Feminist weddings question abhorrent traditions

black wedding rings

black wedding rings (Photo credit: OBB Mich)

I wish I’d planned my wedding, all those years ago, as a feminist wedding as Rachel Hills did and blogged about at  Feminist Wedding Planning. It may have set the tone for my marriage.

You start with going along with your parents and in-laws want and what they think is appropriate for the society you live in and it ends with you losing yourself in the marriage, the children and other people’s lives. A great way to prevent divorce is to be the person you are instead of fitting in to other people’s expectations of you. The path of least resistance can seem the best, the easiest, the one least likely to rock the boat but it isn’t. Better to rock the boat with small waves of resistance, of voicing your opinion, of getting your way than to overturn it with a mega wave of frustration and recognition that your life is being led by a person who isn’t you.

The reason I’m thinking about weddings is because my daughter is getting married. She knows what she wants and exactly how she wants it. She’s a lot older than I was when I got married and she has the advantage that it’s 34 years later. Weddings uphold traditions and tradition is by default patriarchal. So it isn’t easy planning a feminist wedding. Specially in India. But she’s going to do it and I support her fully.

It’s absolutely bizarre that a confident woman with a great career and a strong mind should suddenly be expected to kowtow to the elders of another family – which  she didn’t do even in her own family. It’s equally strange to imagine that she should need a trousseau. What an outdated idea – propagated by designers and clothes companies. Most girls have more clothes than they should have. All they need is the wedding outfit. And special occasion clothes for the satellite celebrations like mehendi, sangeet, reception – all of which I consider superfluous and unnecessary.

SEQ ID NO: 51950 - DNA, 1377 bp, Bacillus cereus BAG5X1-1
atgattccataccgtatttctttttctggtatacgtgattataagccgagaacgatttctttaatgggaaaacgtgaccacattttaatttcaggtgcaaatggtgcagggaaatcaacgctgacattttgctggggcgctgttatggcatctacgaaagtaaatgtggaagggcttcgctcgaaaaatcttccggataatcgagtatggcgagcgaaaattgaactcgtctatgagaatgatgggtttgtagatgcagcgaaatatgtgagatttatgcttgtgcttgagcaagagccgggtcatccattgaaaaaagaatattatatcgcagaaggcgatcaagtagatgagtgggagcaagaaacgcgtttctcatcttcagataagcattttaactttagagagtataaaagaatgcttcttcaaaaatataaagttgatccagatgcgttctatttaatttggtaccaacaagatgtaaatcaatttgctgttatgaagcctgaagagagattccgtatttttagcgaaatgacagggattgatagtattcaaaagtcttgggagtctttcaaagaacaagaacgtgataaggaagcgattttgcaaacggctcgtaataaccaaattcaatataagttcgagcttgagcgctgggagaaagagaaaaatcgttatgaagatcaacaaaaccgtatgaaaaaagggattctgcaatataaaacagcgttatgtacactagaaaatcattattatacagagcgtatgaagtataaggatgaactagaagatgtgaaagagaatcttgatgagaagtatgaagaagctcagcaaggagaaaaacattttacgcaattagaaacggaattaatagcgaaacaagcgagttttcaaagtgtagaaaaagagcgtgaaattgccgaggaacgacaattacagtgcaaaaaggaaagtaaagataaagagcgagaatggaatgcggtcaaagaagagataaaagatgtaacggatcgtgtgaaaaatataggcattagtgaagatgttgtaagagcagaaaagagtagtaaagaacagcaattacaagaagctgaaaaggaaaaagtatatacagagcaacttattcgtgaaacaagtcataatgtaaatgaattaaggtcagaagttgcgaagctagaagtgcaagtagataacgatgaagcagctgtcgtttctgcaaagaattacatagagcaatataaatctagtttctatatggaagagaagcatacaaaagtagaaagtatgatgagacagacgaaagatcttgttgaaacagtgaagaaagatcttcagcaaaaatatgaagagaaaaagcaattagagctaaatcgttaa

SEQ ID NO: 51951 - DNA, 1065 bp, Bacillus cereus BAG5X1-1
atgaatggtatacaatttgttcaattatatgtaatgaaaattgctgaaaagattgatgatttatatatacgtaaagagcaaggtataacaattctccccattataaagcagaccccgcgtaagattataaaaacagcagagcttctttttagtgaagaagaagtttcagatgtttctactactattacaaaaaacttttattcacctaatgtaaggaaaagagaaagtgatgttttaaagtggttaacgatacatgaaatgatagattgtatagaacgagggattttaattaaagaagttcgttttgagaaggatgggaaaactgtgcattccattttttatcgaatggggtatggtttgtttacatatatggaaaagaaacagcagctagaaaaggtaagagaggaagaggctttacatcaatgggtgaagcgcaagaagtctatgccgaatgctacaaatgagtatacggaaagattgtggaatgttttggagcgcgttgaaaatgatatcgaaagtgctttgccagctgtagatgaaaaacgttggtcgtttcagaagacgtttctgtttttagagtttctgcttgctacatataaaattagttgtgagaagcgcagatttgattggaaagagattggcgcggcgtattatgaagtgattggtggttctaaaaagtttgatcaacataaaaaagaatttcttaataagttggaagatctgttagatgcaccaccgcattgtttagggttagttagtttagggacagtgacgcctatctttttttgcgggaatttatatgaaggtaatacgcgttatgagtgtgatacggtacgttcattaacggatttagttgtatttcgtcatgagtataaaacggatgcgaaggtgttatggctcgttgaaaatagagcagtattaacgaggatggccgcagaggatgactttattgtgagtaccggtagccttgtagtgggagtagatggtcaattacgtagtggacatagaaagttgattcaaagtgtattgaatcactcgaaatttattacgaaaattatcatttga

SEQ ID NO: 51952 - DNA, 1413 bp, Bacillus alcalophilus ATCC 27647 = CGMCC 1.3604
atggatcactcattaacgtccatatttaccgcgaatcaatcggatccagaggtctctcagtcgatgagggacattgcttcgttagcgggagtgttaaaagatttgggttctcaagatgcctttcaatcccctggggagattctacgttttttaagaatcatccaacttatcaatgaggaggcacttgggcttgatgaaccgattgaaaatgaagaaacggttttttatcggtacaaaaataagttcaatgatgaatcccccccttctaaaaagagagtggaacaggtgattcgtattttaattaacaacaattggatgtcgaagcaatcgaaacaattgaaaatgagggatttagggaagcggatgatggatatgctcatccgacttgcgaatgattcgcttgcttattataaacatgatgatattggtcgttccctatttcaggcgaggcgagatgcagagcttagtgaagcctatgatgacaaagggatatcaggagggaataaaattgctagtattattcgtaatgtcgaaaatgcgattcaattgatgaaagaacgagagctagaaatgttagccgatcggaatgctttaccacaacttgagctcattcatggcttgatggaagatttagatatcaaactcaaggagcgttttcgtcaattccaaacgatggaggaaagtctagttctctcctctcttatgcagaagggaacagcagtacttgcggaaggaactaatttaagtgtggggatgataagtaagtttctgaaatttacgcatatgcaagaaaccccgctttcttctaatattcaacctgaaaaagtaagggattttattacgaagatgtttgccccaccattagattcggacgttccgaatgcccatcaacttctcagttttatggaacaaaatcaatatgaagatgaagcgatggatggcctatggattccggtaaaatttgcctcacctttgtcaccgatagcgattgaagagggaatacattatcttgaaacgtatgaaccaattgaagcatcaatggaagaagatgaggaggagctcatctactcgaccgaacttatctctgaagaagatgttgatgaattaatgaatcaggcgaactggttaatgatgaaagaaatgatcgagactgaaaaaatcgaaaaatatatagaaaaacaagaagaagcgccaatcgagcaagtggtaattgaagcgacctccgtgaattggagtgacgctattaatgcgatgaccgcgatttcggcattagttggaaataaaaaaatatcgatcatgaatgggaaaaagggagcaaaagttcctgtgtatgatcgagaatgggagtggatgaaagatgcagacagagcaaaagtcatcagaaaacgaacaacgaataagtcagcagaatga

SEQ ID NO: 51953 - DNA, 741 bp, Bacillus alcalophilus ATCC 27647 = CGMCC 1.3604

Rachel puts it well when she says, “For me, planning a “feminist” wedding is about refusing to participate in (what I believe to be, at least) the bullshit that is heaped upon all of us – but perhaps especially women…”

The challenge is for us to do this in India where the very idea of being female and a woman is draped in being submissive and if at all you get your way it has to be in a round about manner, if at all you state your needs and emotions it’s invariably passive aggressive because that’s the cultural norm.

Suggestions anyone?

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Posted on October 29, 2013, in Celebrate, Culture, Feminist, love, oppressive customs, tradition and tagged , , , , , , , . Bookmark the permalink. Leave a comment.

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